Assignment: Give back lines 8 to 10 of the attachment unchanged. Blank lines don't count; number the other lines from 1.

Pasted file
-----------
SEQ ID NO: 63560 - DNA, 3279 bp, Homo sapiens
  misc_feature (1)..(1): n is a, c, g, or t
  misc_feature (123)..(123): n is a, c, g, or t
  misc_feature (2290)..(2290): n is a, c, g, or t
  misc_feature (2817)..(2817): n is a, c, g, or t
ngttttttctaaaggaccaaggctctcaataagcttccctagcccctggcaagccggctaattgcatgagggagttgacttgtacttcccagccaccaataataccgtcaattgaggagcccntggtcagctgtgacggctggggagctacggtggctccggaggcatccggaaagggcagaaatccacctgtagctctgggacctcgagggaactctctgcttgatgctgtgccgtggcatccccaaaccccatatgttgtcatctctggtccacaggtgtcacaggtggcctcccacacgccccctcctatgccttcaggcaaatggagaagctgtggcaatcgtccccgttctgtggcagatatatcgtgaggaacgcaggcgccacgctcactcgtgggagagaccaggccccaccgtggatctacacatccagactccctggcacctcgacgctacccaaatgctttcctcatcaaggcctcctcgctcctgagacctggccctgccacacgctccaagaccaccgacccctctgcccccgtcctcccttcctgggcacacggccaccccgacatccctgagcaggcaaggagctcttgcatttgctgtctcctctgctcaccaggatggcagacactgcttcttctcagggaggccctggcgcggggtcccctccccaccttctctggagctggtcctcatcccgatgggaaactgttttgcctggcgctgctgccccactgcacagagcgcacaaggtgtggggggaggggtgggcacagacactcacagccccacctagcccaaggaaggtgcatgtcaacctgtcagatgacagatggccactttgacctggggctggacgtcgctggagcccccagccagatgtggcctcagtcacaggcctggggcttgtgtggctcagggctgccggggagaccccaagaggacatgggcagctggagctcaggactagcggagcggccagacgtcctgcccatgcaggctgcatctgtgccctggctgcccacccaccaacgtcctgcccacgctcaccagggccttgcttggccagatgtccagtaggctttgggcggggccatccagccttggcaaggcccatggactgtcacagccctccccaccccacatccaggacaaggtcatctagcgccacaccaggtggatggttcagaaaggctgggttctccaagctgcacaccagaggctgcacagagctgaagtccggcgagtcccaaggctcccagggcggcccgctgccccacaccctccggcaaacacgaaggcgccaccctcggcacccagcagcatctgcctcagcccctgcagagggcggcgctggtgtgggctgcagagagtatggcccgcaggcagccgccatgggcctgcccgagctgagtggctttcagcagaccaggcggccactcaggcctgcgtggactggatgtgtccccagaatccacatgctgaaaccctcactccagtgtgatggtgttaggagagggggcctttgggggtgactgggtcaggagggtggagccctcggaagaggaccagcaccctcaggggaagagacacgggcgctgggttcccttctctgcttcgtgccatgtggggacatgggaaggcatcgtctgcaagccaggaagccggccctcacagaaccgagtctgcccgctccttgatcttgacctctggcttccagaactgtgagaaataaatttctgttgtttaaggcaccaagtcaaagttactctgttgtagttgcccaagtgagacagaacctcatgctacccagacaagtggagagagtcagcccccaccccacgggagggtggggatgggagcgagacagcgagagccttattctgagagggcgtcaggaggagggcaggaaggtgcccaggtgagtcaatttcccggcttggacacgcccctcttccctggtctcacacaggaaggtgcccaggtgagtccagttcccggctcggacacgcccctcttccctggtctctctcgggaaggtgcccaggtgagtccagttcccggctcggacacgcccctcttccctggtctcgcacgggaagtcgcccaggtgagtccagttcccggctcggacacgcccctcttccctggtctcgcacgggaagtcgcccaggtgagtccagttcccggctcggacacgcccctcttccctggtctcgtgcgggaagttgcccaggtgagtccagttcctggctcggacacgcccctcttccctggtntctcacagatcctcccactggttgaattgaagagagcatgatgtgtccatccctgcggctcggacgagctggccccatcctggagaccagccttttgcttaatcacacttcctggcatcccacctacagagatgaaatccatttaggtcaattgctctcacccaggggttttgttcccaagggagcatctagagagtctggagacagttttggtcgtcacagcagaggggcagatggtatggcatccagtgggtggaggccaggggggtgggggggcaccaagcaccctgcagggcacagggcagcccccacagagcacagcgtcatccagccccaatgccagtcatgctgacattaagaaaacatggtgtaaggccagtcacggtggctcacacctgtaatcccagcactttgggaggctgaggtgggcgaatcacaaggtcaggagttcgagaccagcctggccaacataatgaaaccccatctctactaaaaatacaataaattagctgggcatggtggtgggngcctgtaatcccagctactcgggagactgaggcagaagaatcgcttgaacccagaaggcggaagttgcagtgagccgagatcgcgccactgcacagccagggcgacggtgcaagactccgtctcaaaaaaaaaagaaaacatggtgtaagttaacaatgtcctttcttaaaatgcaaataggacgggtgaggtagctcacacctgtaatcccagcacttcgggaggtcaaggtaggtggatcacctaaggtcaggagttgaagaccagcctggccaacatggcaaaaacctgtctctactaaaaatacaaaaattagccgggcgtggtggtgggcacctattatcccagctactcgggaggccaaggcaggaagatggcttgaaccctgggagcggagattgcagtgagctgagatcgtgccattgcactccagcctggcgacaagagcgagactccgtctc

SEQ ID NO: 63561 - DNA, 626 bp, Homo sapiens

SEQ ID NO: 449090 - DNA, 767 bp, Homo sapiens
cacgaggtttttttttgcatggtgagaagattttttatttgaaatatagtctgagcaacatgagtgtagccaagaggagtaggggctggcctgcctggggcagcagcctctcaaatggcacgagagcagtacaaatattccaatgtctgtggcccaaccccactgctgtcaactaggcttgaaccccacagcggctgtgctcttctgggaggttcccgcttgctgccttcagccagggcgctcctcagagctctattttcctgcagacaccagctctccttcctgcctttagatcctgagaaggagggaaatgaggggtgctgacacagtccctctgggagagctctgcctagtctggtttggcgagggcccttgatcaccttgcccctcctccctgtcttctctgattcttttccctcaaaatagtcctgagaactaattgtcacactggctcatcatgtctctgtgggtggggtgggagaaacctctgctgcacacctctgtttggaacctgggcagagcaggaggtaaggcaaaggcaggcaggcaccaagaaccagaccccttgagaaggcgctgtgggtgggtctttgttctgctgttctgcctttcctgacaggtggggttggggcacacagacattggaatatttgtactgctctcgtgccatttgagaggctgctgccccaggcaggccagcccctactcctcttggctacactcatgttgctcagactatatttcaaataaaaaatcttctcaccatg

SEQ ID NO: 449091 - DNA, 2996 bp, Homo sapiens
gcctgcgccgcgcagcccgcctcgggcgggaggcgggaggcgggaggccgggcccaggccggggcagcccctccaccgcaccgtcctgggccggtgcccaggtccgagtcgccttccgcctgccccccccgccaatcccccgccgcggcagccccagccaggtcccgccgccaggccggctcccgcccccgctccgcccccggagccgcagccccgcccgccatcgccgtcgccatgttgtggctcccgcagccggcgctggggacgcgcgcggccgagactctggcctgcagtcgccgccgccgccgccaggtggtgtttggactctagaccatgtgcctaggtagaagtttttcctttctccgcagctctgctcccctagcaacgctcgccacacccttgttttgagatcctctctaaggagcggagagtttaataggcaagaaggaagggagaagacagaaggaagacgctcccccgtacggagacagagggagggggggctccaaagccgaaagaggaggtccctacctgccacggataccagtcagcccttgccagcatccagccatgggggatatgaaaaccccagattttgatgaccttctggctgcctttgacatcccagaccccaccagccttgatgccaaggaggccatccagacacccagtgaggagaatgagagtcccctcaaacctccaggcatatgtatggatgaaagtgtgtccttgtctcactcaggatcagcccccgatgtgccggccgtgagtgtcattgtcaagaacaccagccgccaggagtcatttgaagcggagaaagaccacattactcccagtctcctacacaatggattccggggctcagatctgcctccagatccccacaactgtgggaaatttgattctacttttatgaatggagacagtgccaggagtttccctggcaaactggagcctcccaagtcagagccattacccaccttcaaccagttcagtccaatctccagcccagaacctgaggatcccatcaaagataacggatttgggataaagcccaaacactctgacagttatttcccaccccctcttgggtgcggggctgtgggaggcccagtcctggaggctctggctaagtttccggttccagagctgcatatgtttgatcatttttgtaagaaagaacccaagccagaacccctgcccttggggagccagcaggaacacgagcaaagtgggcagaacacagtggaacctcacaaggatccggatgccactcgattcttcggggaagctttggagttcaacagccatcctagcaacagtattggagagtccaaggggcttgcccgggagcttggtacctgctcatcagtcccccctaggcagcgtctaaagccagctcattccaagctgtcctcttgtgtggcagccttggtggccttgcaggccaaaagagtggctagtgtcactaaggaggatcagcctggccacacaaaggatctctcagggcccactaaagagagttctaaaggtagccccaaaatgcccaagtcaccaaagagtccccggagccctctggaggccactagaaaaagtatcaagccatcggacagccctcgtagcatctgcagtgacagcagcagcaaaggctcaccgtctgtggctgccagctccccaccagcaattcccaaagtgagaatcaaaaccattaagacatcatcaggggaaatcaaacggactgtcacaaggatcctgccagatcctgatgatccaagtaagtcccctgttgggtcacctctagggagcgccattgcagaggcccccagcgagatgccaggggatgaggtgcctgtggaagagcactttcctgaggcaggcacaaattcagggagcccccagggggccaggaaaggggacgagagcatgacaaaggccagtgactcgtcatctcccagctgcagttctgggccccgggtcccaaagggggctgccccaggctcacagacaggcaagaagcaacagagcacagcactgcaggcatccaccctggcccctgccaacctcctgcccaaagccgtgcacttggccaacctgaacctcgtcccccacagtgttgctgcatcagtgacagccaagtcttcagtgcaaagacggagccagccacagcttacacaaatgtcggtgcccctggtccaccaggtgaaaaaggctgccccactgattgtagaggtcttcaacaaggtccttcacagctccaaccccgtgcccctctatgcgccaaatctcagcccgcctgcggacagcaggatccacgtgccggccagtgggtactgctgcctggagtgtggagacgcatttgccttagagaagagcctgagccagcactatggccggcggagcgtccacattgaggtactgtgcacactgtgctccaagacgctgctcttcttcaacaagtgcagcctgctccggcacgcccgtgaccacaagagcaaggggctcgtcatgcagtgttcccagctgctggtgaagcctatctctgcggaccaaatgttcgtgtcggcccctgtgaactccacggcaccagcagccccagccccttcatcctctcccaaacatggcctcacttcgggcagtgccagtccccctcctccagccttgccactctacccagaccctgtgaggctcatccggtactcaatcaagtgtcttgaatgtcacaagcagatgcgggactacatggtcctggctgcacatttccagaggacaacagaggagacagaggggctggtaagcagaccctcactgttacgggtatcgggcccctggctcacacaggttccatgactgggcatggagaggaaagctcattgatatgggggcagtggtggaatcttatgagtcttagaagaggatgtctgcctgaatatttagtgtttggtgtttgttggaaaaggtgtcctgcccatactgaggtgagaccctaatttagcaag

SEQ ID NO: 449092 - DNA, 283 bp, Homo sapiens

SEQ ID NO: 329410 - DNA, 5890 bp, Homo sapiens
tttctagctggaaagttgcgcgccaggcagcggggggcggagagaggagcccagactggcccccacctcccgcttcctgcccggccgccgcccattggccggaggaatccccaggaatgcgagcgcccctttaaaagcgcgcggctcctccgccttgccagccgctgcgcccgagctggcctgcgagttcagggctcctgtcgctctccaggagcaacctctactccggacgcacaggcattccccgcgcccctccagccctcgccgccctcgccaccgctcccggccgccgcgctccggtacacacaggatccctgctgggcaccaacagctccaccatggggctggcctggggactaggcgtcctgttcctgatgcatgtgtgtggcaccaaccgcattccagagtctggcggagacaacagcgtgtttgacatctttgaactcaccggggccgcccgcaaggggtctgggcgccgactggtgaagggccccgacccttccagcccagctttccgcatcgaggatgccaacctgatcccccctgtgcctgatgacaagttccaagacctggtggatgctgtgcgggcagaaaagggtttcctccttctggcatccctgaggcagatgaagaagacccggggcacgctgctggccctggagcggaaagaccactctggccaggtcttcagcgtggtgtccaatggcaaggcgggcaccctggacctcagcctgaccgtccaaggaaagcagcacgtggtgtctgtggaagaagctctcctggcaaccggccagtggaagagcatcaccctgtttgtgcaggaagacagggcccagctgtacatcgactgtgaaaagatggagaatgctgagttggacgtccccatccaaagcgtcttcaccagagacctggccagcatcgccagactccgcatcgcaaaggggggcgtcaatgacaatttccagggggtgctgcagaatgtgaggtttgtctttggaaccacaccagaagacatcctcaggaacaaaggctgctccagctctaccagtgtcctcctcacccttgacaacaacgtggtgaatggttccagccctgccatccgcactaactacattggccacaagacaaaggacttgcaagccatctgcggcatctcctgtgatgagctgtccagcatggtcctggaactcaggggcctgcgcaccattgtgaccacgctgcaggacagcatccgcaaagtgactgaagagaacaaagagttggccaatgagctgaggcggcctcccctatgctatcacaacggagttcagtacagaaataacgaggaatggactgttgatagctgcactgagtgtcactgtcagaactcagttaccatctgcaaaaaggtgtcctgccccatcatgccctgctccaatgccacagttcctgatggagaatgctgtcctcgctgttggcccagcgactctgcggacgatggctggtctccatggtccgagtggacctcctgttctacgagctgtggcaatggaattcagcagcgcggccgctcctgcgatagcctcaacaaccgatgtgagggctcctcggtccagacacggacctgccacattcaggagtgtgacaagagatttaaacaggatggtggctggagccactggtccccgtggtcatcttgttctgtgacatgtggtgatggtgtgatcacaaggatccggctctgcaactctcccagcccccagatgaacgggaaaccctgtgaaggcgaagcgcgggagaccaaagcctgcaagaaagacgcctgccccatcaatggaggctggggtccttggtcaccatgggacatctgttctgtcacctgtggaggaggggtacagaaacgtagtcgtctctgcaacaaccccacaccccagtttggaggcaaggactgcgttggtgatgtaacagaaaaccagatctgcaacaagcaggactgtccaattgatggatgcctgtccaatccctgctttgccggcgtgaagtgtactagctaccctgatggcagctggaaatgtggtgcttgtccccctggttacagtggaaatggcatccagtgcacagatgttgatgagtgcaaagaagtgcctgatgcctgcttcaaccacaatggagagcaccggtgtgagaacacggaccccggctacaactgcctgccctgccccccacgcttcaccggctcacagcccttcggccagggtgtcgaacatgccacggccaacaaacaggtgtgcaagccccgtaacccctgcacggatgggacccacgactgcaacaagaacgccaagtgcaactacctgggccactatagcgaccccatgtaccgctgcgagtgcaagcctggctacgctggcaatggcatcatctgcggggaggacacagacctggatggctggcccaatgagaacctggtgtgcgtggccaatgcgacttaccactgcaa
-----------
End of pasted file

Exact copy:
SEQ ID NO: 449090 - DNA, 767 bp, Homo sapiens
cacgaggtttttttttgcatggtgagaagattttttatttgaaatatagtctgagcaacatgagtgtagccaagaggagtaggggctggcctgcctggggcagcagcctctcaaatggcacgagagcagtacaaatattccaatgtctgtggcccaaccccactgctgtcaactaggcttgaaccccacagcggctgtgctcttctgggaggttcccgcttgctgccttcagccagggcgctcctcagagctctattttcctgcagacaccagctctccttcctgcctttagatcctgagaaggagggaaatgaggggtgctgacacagtccctctgggagagctctgcctagtctggtttggcgagggcccttgatcaccttgcccctcctccctgtcttctctgattcttttccctcaaaatagtcctgagaactaattgtcacactggctcatcatgtctctgtgggtggggtgggagaaacctctgctgcacacctctgtttggaacctgggcagagcaggaggtaaggcaaaggcaggcaggcaccaagaaccagaccccttgagaaggcgctgtgggtgggtctttgttctgctgttctgcctttcctgacaggtggggttggggcacacagacattggaatatttgtactgctctcgtgccatttgagaggctgctgccccaggcaggccagcccctactcctcttggctacactcatgttgctcagactatatttcaaataaaaaatcttctcaccatg

SEQ ID NO: 449091 - DNA, 2996 bp, Homo sapiens